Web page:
The Course

Lehigh University Marcellus Shale - Hydraulic fracturing"Environment, the Public and the Mass Media," (Jour/ES 125) is a writing intensive course taught by Prof. Sharon M. Friedman, director of Lehigh's Science and Environmental Writing Program in the Department of Journalism and Communication. Open to all Lehigh students, it is required for students who major in Science and Environmental Writing and serves as a core course for students majoring in Environmental Studies. Students who worked on the Shale research project in both years included sophomores, juniors, and seniors.

Requirements for the Fracking Project:

During the four years this project has been conducted─2012 to 2015─ the students' papers were written to be part of a website, rather than as essays. They contained a short introduction; a main discussion section about a particular topic related to Marcellus Shale; a brief interview with an individual about the topic; short profiles of four key individuals or groups involved in the issue; selected annotated web resources about the topic with hotlinks; a further information section with hotlinks; and a bibliography.  Several illustrations were required. The students also gave oral presentations about their topics.  In 2013, besides writing their research papers, students were required to record a short video that described their project’s findings. In 2015, topics about natural gas pipelines planned to deliver Marcellus Shale gas were added as possible subjects.

The 2014 and 2015 topics for the Marcellus Project were:

  • Job Creation, Workers’ Regulations and Health Concerns (2014)
  • The Business of Fracking and Corporate Power (2014)
  • Hydraulic Fracturing and Public Health (2015)
  • Disposal of Hazardous Wastewater from Hydraulic Fracturing (2015)
  • Advocacy and Fracking (2015)
  • The Nuances of Mineral Rights (2015)
  • Overview of America’s Pipeline System (2015)
  • Pipeline Regulation and the PennEast Pipeline (2015)
  • Pipeline Controversy in the News (2015)

The 2013 topics for the Marcellus Project were:

The Business End of Fracking

  • The geology of fracking and the fracking process*
  • Drilling trends and required supporting infrastructure*
  • New drilling technologies and processes *+
  • National economic effects*+
  • Local economic effects*

Community Impact and Regulations

  • Job creation in communities*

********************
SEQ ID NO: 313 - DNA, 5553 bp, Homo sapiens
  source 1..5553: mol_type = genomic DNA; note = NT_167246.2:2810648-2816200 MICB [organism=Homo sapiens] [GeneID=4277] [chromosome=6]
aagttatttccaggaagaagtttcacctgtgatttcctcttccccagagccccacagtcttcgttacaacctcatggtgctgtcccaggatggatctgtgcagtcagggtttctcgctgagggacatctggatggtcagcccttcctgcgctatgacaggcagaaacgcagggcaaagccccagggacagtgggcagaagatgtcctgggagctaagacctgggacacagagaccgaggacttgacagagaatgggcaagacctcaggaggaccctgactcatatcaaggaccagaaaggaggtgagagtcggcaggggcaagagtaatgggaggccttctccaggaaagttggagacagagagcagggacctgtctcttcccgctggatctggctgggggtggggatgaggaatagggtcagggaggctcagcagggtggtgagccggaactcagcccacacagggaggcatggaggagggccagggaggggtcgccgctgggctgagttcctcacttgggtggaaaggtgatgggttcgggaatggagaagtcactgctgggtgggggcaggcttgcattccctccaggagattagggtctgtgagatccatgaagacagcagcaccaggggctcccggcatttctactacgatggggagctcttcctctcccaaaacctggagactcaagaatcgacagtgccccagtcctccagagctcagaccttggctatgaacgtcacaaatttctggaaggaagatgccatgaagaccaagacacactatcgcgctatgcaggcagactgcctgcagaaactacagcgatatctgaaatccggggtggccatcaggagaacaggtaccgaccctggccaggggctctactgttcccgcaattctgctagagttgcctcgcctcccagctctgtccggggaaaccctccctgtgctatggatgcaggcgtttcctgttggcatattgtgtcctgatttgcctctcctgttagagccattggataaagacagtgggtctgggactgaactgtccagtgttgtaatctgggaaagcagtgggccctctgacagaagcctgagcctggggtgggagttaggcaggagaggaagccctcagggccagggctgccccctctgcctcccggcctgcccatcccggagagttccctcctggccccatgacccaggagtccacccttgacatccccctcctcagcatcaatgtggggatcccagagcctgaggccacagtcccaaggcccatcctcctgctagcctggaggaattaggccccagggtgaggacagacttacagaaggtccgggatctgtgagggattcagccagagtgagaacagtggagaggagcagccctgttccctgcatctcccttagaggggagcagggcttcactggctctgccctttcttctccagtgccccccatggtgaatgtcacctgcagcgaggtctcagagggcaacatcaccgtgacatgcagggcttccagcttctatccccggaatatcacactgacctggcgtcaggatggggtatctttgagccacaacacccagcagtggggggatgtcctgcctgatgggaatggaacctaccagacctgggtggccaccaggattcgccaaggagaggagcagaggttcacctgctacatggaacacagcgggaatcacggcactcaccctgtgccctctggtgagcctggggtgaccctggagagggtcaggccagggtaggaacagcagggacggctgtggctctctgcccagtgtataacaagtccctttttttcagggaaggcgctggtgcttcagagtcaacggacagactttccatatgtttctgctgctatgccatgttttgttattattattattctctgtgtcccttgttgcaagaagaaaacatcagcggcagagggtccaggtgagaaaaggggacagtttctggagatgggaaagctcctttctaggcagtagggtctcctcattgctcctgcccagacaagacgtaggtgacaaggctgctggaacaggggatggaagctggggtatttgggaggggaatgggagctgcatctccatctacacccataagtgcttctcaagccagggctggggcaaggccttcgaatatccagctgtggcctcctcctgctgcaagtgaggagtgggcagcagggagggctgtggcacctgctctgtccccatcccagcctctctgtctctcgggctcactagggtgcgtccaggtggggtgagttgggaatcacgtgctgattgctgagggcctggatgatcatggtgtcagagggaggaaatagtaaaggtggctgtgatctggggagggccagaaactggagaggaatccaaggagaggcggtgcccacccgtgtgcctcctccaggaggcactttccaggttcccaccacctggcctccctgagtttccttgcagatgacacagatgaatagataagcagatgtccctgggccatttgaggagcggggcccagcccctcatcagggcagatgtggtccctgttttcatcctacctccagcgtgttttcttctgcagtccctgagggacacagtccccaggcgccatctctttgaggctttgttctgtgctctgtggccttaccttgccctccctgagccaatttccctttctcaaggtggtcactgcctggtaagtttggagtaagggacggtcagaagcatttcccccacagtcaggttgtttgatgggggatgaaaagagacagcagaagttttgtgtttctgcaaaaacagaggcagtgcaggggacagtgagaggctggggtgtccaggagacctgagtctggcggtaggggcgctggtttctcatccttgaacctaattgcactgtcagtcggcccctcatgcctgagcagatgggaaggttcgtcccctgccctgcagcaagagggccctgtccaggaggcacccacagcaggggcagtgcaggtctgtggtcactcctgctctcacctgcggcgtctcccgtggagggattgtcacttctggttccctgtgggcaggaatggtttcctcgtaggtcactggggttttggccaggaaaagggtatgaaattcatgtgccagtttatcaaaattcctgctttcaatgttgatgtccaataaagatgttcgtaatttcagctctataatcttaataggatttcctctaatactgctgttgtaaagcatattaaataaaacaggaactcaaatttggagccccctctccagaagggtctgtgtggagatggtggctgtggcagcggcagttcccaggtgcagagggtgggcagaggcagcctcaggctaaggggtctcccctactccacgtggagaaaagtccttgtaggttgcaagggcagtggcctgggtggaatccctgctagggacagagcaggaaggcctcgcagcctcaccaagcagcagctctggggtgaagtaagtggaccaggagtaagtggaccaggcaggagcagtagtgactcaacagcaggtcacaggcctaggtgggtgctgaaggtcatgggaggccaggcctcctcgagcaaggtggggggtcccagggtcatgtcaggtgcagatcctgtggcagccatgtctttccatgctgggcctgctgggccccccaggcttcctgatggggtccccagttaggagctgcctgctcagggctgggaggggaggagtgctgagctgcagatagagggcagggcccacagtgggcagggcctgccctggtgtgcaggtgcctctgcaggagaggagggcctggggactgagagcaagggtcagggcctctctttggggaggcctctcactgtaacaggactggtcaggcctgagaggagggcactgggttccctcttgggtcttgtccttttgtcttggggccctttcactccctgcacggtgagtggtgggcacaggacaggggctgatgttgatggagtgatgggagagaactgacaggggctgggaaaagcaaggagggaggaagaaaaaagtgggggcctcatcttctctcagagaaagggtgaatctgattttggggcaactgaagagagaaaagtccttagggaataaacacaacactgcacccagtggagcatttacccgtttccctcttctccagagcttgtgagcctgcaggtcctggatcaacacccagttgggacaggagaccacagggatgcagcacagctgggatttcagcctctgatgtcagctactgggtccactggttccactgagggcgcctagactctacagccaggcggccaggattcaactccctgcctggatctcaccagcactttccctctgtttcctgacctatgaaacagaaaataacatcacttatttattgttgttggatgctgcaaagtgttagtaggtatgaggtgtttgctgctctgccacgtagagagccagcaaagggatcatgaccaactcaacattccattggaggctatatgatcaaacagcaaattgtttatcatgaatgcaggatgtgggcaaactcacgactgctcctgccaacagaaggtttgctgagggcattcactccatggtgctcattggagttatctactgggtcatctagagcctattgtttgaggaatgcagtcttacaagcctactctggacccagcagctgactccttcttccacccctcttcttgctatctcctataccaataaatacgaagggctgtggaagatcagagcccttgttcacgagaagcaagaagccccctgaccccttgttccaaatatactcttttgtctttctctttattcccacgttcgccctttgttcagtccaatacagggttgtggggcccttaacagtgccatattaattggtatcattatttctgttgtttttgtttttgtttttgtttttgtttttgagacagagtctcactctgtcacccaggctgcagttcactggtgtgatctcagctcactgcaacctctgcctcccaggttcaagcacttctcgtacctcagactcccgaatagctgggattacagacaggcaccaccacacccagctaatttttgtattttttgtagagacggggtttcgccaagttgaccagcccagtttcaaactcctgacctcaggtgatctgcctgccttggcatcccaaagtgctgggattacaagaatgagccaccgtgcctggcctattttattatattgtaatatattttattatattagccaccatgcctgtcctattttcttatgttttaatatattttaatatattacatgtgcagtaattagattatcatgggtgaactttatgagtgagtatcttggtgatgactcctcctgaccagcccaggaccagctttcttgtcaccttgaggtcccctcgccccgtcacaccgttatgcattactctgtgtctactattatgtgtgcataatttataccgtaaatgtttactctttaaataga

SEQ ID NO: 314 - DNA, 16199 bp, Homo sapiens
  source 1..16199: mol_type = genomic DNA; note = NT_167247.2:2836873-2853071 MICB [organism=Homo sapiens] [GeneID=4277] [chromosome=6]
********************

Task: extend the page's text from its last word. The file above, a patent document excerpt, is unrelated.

• Federal regulations and the Halliburton Loophole *+
  • State regulations: A comparison on “Colorado and Pennsylvania*+
  • Fracking on federal public and Indian tribal lands*
  • Fracking on state public lands: A comparison of Michigan and Pennsylvania*+

Impacts on the Environment, Health and Citizens

  • Water scarcity and using water for fracking*
  • Wastewater from the fracking process*
  • Environmental effects of fracking on farmland*
  • Comparisons among natural gas, coal and alternative energies*+
  • Health impacts related to fracking*
  • Groups for and against fracking *

The 2012 topics assigned for the Marcellus project were:

  • the process of hydraulic fracturing
  • the economics of fracking
  • a history of boom and bust development and its effects on communities
  • environmental and health problems related to fracking
  • federal and Pennsylvania fracking regulations and enforcement
  • the role and actions of the oil and gas companies and their trade associations
  • the activities of anti-fracking activist and environmental groups
  • the views of citizens in communities caught up in fracking issues.

*video available on the website

+research paper available on the website

The brief question-and-answer interviews included in the papers on this website are reported with the permission of those interviewed; some people did not grant permission and are missing.  Readers of these papers should remember that these are overviews rather than fully developed research papers, though they contain important hotlinks to more developed information. Because the videos are short, they provide only brief highlights on the topics these students researched.